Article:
A warehouse is a facility setup in the process of supply chain that acts as a link between the supplier and consumers of their products. It’s a way to integrate or align these products in a manner that results in reduced transportation costs, equilibrium between the scales of manufacturing and purchasing, as well as decreasing response time. Warehousing is a focal step that allows companies to provide adequate and on time services to their customers. Therefore, storage and inventory management essentially becomes a balancing act between ensuring sufficient amount of stock, dealing with damaged goods, and maintaining security. We have shared the best practices for warehouse management.
Some of the major challenges that a company warehouse may face in its operation is delay in the transportation of goods due to insufficient stock, lack of accurate data, and damage to the inventory due to unforeseen circumstances or not maintaining proper warehouse environment. A well-maintained Warehouse Management System (WMS) which is a computer application aimed to track and control the movement and storage of the inventory while in the company’s warehouse premises helps in providing accurate data regarding the stocks available based on the warehouse transactions carried out. Certain other best practices for warehouse management that lead to most productivity in a warehouse are as below:
1. Accessibility of Fast moving SKUs:
Stock Keeping Units (SKUs) are a scannable code, often seen as bar codes or QR codes printed on labels for products that allow for tracking the flow of inventories. Anytime a customer buys a product and checks out at a store at the point of sale such SKU code is scanned which updates the availability of the item in the inventory of the seller. Because certain products are more frequently purchased than others, designing a proper storage system that has an ergonomic location appointed for such goods provides more accessibility and efficiency in the warehouse management task.
2. Technology for Automation:
Investing in warehousing technologies that enables warehouse agents to automatically collect data regarding the warehouse logistics reduces the chance of human error. Gone are the days of manually noting down each inbound as well as outbound entry in a warehouse facility. The advent of emerging technologies that are shaping the future of logistics business, that you can read on our previous blog, new technologies such as Radio Frequency Identification (RFID), GPS Tracking or Internet of Things (IoT) that are gaining popularity currently for equipping companies or 3PLs to keep a check on the stockpile, delivery and storage of their products in real time. Automating the process not only would reduce the amount of effort involved but also save time.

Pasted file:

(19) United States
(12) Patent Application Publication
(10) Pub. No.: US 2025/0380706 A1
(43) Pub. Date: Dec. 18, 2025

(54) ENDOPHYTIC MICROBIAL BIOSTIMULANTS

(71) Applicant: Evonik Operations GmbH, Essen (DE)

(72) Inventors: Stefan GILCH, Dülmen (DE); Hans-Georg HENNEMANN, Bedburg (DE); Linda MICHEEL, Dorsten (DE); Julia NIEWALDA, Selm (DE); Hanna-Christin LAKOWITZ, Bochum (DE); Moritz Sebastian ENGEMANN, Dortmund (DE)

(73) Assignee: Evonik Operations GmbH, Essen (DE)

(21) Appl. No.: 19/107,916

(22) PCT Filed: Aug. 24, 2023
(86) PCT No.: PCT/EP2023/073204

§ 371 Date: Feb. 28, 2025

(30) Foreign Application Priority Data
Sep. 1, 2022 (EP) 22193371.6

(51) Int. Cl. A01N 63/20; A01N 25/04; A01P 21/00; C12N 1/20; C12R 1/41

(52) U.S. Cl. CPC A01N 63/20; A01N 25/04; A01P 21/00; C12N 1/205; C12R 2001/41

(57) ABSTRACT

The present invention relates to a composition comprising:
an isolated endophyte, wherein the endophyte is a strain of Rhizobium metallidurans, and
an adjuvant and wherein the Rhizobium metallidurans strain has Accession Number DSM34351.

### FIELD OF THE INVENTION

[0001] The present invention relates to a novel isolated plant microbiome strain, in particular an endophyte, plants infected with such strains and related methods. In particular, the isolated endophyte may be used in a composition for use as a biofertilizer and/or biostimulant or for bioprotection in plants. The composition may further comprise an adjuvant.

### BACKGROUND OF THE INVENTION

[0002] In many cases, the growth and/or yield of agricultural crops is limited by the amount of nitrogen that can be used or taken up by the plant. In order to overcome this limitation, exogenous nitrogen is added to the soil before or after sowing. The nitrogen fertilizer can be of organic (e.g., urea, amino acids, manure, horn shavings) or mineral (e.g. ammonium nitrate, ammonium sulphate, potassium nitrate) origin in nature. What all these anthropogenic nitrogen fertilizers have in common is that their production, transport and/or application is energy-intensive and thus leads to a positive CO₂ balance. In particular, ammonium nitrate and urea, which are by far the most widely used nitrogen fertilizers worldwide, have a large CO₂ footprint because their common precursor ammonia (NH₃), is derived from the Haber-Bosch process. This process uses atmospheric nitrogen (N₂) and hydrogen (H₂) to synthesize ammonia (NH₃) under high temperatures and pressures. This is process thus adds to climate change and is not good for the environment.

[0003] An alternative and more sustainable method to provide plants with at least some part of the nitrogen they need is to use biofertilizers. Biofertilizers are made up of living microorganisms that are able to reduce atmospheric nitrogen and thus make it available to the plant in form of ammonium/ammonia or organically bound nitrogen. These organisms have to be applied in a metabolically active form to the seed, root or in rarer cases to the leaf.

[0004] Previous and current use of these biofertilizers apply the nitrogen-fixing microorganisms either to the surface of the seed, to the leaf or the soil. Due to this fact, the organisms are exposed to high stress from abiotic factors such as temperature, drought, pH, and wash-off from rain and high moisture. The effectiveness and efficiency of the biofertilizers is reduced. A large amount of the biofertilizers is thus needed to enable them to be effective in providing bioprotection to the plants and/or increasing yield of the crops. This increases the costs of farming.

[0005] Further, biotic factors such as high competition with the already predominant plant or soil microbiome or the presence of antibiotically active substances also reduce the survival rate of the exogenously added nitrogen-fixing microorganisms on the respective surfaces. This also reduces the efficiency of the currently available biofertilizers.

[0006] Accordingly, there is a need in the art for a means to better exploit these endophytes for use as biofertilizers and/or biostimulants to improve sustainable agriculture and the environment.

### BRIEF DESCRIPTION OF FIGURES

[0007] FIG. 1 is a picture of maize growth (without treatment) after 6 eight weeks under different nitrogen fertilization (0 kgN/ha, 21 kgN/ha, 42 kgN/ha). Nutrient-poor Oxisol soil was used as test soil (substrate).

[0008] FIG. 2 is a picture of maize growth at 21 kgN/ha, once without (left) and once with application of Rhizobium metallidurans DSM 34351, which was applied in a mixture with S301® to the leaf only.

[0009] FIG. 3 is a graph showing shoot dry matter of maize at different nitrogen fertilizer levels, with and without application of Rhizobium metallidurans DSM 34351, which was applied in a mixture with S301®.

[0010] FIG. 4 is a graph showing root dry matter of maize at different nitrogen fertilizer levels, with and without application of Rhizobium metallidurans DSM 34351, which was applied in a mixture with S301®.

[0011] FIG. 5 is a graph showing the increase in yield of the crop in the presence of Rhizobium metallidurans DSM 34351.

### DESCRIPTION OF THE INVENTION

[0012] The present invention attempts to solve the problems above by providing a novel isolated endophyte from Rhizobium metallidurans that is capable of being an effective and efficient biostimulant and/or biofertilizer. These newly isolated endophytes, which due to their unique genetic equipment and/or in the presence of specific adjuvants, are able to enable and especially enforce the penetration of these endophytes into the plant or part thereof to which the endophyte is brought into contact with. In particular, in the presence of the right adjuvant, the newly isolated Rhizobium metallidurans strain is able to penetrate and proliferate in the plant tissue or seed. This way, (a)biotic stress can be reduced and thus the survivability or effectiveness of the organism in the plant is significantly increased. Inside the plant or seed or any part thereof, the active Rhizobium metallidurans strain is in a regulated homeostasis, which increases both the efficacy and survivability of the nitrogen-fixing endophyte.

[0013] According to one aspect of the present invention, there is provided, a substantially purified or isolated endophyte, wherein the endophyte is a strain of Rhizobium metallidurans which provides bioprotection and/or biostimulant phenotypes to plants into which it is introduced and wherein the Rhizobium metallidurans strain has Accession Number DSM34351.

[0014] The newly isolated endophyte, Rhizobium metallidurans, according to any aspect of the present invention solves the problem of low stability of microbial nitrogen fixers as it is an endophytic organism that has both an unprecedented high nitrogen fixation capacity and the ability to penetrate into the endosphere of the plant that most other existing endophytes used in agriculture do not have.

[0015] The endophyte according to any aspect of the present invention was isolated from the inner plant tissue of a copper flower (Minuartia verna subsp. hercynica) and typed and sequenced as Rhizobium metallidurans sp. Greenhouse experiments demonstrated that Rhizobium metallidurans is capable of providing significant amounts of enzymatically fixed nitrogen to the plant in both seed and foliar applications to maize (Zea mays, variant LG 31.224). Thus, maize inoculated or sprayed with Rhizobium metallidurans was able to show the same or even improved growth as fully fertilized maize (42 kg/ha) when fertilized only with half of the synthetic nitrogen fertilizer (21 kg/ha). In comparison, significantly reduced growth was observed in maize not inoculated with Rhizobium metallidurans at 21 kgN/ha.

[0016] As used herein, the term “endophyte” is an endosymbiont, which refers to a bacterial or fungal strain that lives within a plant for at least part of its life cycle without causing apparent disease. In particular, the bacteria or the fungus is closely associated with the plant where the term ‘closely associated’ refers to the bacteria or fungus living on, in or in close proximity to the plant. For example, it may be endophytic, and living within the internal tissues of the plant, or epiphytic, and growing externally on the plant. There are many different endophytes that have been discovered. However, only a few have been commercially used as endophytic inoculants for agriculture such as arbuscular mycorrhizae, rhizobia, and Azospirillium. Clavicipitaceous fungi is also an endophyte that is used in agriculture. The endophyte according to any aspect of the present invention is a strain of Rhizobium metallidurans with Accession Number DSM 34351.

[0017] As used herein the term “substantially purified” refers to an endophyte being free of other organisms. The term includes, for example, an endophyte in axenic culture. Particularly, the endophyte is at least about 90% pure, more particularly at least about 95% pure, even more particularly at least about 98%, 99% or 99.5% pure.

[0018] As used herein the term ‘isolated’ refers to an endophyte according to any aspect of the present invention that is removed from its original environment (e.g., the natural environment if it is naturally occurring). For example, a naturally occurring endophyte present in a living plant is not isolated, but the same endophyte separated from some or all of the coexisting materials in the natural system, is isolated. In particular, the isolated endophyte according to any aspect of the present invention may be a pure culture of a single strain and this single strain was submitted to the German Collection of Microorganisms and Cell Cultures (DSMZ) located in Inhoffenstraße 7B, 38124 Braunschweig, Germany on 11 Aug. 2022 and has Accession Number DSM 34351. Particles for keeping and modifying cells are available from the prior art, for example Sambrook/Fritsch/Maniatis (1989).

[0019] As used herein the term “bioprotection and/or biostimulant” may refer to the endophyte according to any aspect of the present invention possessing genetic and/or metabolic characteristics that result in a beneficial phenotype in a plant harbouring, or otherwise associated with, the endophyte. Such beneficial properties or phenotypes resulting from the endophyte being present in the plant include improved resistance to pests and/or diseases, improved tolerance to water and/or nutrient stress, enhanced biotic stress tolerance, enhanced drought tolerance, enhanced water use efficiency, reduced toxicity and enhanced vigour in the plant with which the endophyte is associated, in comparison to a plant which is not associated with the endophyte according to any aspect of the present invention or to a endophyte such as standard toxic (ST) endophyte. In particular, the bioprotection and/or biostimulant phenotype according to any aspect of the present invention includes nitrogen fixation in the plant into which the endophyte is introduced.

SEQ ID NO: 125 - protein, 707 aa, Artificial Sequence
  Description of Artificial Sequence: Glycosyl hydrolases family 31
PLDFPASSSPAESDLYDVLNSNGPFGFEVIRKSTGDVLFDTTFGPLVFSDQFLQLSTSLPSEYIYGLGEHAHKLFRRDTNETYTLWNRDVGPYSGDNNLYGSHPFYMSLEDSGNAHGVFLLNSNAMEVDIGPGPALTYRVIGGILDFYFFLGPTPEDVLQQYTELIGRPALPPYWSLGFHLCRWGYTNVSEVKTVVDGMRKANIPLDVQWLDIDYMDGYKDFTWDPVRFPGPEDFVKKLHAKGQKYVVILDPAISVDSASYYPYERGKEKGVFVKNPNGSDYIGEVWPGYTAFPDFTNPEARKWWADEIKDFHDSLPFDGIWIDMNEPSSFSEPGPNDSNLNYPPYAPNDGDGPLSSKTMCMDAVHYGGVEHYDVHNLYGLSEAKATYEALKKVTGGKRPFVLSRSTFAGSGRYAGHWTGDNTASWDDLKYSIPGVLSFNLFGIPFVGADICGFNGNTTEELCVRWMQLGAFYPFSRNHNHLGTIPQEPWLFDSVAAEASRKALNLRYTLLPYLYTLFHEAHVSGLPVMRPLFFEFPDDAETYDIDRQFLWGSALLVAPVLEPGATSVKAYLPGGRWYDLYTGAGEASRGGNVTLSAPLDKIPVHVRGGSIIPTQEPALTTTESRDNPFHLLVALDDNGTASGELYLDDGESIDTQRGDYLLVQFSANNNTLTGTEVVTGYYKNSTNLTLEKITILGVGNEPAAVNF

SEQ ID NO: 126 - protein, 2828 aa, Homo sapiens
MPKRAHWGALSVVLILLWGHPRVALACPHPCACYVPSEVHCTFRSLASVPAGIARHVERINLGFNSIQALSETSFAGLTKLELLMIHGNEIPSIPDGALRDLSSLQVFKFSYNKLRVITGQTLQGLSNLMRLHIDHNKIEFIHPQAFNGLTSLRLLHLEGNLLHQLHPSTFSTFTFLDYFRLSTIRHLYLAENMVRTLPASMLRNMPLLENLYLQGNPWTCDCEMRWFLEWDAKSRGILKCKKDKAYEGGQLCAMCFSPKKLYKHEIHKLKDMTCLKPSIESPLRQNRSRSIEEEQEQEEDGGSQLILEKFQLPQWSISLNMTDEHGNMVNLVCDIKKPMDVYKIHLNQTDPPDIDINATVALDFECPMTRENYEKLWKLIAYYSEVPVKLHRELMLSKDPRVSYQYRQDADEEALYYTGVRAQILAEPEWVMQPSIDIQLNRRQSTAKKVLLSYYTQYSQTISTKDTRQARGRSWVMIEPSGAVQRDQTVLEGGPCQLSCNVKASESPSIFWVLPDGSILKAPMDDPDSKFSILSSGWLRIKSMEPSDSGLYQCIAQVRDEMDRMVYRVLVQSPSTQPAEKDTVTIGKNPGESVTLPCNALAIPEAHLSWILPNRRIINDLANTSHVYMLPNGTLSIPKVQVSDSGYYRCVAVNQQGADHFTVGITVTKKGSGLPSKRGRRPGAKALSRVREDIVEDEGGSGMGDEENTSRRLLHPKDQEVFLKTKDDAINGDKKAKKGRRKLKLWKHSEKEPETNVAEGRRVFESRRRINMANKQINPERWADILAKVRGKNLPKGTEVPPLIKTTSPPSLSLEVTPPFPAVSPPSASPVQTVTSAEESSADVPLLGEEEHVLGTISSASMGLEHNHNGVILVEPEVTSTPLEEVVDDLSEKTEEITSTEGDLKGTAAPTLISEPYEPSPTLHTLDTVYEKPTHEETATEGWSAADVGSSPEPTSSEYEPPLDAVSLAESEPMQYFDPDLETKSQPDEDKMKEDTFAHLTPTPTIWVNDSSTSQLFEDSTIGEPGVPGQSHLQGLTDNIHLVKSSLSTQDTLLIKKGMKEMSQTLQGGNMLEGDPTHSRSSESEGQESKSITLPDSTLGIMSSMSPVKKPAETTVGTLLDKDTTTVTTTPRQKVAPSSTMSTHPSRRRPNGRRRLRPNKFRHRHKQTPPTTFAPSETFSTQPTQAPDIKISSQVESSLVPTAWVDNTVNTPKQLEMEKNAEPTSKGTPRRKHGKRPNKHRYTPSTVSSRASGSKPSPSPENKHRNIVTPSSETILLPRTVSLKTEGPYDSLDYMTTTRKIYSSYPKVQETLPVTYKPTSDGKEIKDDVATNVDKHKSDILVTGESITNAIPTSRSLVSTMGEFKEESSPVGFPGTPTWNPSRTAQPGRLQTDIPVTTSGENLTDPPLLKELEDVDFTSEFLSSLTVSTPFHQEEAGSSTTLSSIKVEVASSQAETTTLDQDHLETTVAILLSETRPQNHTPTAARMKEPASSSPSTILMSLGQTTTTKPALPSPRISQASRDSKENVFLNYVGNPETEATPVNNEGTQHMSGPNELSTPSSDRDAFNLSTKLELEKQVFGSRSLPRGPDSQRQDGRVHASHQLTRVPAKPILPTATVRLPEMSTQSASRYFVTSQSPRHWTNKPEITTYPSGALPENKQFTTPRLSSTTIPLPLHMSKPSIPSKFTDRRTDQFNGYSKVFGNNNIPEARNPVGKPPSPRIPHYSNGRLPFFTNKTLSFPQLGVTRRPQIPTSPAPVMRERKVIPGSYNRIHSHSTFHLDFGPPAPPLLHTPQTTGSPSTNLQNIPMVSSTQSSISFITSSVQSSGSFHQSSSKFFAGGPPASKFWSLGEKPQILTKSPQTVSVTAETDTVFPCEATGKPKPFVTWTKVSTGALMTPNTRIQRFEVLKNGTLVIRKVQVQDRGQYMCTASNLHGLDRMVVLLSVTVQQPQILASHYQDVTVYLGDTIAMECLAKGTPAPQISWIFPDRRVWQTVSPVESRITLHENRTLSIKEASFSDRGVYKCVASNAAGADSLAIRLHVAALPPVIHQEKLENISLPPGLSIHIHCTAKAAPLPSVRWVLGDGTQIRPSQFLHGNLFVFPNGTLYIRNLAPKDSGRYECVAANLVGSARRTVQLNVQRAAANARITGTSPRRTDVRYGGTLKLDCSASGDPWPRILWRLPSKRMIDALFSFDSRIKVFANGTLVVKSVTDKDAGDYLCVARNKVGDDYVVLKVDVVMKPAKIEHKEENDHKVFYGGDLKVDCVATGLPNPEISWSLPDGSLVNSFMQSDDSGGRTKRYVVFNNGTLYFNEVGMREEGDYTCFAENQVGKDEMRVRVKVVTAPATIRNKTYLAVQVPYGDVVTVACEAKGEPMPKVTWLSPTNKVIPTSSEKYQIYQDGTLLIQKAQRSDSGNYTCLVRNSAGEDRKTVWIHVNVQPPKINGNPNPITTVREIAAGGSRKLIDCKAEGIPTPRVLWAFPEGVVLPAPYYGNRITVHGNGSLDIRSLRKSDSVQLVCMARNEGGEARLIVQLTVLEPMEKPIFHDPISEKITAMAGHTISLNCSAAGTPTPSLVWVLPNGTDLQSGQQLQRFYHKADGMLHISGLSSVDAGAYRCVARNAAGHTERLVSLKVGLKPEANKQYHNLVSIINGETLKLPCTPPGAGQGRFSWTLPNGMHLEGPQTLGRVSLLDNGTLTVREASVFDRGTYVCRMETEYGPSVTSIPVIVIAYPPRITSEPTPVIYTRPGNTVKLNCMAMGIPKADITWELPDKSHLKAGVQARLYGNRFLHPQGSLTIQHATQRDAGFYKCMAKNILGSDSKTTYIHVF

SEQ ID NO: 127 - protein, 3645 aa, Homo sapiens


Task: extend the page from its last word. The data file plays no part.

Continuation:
3. Minimizing Warehouse Waste:
Producing warehouse waste implies having overstocked products that are not required as per the consumer demand. There are goods that are either stored in excess amount, are defected or obsolete and all this “waste” can potentially lead to inefficiencies in an orderly warehouse management system and the further in the supply chain as well. Introducing Lean Management into their warehouse facility one could keep from overstocking inventory by only keeping the essential and in-demand products Besides the stocks of products, not utilizing the full area of the warehouse facility could also be considered a waste of space as you wouldn’t be taking advantage of space you’re not using but paying for.
E.g. by installing vertical shelves and using vertical Lift Modules could help utilizing the vertical space lean management of inventory.
4. Choosing the Right Picking Systems:
The most necessary activity at any storage or inventory facility/ order fulfillment centers is the accuracy and speedy turn round and therefore, selecting an effective order picking system is of utmost importance to any business involved in e-commerce or retail. Some of these methods include Wave-Picking where orders are prioritized and picked accordingly thereby keeping the supply chain operations flowing smoothly; or Sequence Picking that reduces a workers time spent travelling by fixing a set number of trips to the storage area thus increasing productivity and reducing unnecessary travel time; Zone Picking, a method wherein a warehouse is separated into zones and assigned to a particular worker; or Cluster Picking which is a warehouse methodology where multiple orders are fulfilled at one point of time. Companies or 3PLs can use more than one of such systems to streamline their delivery systems accurately.